Courtesy of Netflix

Behind all the nonsense and randomness of this fascinating creation, there is a deeper commentary on materiality, elitism, capitalism and fandom. Throughout the colorful landscapes of Neo Yokio, Kaz is frequently seen worrying about comically insignificant things, including wearing a midnight blue suit to a black and white ball, the rundown status of his childhood home in the Hamptons and his constant belittling for being “neo-riche.” He also constantly refers to his ex-girlfriend, Cathy, who he can’t seem to get over. In this sense, Kaz functions as a modern-day animated Hamlet, coming from extreme wealth and constantly distraught and complaining about love and the world around him. This character functions well in the New York context, a clear critique of the materialistic and elitist culture that upscale cities maintain. A more direct critique of this is Neo Yokio’s list of most eligible bachelors, which appears to be a nod to “One Punch Man”’s hero rankings. In Neo Yokio, young male bachelors are ranked in a fluctuating list posted in the middle of the city. Kaz is seen going up and down on this list throughout the show, greatly influencing his perception in the public eye as well as his general happiness. This is not only a fascinating dialogue about the elite social classes in modern society, but also an interesting response to the mixed reviews that the show has been receiving. Elements like these are some of the quirks that make “Neo Yokio” a success in its details, rather than the big picture.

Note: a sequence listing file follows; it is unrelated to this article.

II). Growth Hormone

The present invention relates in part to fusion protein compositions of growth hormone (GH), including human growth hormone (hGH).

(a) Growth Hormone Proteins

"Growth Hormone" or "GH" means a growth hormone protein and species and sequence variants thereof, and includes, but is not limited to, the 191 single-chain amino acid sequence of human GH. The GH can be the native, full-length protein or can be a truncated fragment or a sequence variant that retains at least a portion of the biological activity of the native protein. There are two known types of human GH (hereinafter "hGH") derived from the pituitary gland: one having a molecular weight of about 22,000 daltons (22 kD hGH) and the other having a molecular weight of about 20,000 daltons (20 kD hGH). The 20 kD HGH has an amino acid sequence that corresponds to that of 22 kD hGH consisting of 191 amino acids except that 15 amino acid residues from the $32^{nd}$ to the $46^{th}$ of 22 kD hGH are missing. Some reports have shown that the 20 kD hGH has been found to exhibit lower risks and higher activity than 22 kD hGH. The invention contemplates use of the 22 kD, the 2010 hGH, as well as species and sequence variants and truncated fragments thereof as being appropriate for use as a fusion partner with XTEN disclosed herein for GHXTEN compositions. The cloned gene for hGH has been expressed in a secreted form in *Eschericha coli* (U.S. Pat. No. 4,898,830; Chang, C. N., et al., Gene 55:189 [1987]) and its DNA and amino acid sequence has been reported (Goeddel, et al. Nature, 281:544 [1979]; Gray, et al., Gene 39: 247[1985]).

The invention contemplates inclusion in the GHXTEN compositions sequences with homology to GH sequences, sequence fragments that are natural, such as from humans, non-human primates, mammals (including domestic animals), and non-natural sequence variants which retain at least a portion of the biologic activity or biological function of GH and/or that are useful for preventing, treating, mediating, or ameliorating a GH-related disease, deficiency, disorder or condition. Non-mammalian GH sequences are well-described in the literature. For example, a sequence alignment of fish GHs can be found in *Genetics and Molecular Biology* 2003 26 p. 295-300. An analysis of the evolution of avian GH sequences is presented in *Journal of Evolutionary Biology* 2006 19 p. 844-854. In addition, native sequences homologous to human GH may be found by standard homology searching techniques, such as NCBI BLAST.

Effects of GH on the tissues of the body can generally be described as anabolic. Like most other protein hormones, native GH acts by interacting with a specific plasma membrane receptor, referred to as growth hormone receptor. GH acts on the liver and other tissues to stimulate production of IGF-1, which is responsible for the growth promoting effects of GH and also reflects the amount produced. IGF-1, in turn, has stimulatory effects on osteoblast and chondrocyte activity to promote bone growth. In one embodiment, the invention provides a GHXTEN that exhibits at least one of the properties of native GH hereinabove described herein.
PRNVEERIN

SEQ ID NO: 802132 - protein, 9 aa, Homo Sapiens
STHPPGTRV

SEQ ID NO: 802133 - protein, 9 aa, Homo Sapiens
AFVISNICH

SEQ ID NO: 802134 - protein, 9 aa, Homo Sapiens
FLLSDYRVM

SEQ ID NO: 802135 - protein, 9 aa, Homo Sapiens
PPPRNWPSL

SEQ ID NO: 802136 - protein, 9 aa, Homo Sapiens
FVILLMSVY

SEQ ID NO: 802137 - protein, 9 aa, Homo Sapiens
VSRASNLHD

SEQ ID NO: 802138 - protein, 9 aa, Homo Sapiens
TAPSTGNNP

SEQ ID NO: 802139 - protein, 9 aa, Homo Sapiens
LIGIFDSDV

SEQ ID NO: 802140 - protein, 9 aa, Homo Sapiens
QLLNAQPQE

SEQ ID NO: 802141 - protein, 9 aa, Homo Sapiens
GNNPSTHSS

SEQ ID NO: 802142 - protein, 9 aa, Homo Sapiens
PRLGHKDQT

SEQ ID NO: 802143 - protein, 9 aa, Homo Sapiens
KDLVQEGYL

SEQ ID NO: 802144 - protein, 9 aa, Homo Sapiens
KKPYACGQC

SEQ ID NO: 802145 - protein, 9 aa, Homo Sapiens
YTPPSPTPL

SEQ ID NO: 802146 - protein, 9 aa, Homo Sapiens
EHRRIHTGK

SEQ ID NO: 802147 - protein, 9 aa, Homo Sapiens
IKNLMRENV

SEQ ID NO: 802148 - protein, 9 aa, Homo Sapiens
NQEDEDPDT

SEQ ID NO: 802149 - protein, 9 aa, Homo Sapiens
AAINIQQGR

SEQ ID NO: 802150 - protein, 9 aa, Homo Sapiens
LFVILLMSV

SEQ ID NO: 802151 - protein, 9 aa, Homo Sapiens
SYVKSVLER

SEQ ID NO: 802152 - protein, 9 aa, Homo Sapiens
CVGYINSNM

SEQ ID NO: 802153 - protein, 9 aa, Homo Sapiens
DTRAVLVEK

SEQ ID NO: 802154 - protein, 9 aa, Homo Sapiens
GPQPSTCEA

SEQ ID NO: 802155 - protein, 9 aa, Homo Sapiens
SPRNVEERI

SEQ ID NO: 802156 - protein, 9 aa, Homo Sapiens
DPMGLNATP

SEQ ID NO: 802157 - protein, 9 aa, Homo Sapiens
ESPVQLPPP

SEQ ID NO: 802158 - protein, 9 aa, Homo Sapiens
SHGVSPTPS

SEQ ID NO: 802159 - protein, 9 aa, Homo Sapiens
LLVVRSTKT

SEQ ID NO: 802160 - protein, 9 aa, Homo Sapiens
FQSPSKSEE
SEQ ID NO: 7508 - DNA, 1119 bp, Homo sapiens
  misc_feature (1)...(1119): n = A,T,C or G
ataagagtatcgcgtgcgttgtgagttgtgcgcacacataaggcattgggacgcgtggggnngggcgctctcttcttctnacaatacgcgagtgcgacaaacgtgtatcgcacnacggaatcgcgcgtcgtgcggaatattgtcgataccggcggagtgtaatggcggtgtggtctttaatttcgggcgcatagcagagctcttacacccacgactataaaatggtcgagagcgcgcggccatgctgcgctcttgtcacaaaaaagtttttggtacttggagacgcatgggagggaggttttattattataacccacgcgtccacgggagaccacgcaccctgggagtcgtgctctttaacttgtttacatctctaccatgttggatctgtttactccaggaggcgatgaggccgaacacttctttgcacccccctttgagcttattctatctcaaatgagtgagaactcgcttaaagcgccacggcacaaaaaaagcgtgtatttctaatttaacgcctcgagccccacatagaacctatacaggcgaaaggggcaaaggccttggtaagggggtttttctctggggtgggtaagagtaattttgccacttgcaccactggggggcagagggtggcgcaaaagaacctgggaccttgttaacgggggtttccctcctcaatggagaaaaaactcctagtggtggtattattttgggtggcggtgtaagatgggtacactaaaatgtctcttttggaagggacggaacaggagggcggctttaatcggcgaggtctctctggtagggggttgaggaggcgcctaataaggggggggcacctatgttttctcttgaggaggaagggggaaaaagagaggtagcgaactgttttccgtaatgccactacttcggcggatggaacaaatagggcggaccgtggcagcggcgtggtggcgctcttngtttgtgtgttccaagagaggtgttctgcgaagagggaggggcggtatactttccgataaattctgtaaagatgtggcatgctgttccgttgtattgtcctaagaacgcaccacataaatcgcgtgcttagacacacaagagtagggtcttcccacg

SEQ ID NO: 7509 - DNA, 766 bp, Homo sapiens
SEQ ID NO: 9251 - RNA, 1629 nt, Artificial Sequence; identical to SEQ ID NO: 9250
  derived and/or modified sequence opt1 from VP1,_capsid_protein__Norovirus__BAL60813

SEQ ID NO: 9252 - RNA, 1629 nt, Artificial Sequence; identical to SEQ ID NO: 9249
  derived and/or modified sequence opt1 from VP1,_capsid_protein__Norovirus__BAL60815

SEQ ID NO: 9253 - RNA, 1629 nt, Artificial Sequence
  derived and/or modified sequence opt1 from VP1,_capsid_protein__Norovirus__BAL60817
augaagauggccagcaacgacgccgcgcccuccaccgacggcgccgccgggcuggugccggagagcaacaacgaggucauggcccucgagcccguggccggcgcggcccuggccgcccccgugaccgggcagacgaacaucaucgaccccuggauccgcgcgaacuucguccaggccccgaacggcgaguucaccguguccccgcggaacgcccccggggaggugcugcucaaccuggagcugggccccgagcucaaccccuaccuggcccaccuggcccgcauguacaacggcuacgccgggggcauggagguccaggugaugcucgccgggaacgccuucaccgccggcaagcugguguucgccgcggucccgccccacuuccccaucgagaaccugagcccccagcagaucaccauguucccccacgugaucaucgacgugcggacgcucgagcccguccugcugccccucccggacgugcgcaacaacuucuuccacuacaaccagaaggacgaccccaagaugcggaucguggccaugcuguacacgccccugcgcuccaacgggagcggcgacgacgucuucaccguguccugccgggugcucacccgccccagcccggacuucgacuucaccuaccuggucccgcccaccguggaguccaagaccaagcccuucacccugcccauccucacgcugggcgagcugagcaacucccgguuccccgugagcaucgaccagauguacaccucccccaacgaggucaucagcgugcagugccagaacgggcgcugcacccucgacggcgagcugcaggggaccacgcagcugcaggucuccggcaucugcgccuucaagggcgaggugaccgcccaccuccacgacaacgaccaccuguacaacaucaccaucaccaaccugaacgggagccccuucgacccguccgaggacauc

As far as traditional anime is concerned, “Neo Yokio” is nothing revolutionary or even memorable on a narrative level. “Neo Yokio” is more than just weird, as it also often can be choppy, strange and lacking fluidity in storytelling. This show may often bring the audience to laugh when they’re not supposed to, be taken aback by the dialogue and question what even just happened on-screen. Despite these things, “Neo Yokio” demands a watch and, more importantly, a discussion because of its unique ability to blend cultures, create profound creative moments, provoke thought and make memories. Whether or not it resonates with you or at times even succeeds to make sense, “Neo Yokio” guarantees an experience that is memorable and by all means entertaining.

This is a show that, despite mixed critical reception and even accusations of appropriation, should be appreciated and enjoyed for its role in blending cultures. Even more so, we should celebrate the fact that Ezra Koenig made an anime with Jaden Smith about a demon-exorcising socialite in New York and was able to have Netflix fund it. We should celebrate the fact that we live in a time where strange art like this can be created and distributed at such a high rate. We should also celebrate the fact that, in an ever-divisive world, strange art like this has an audience. Perhaps it has less historical significance and general impact on the world than the real Sakura Park, but the ridiculous and outrageous “Neo Yokio” is still worthy of our attention and should be celebrated for its cultural push.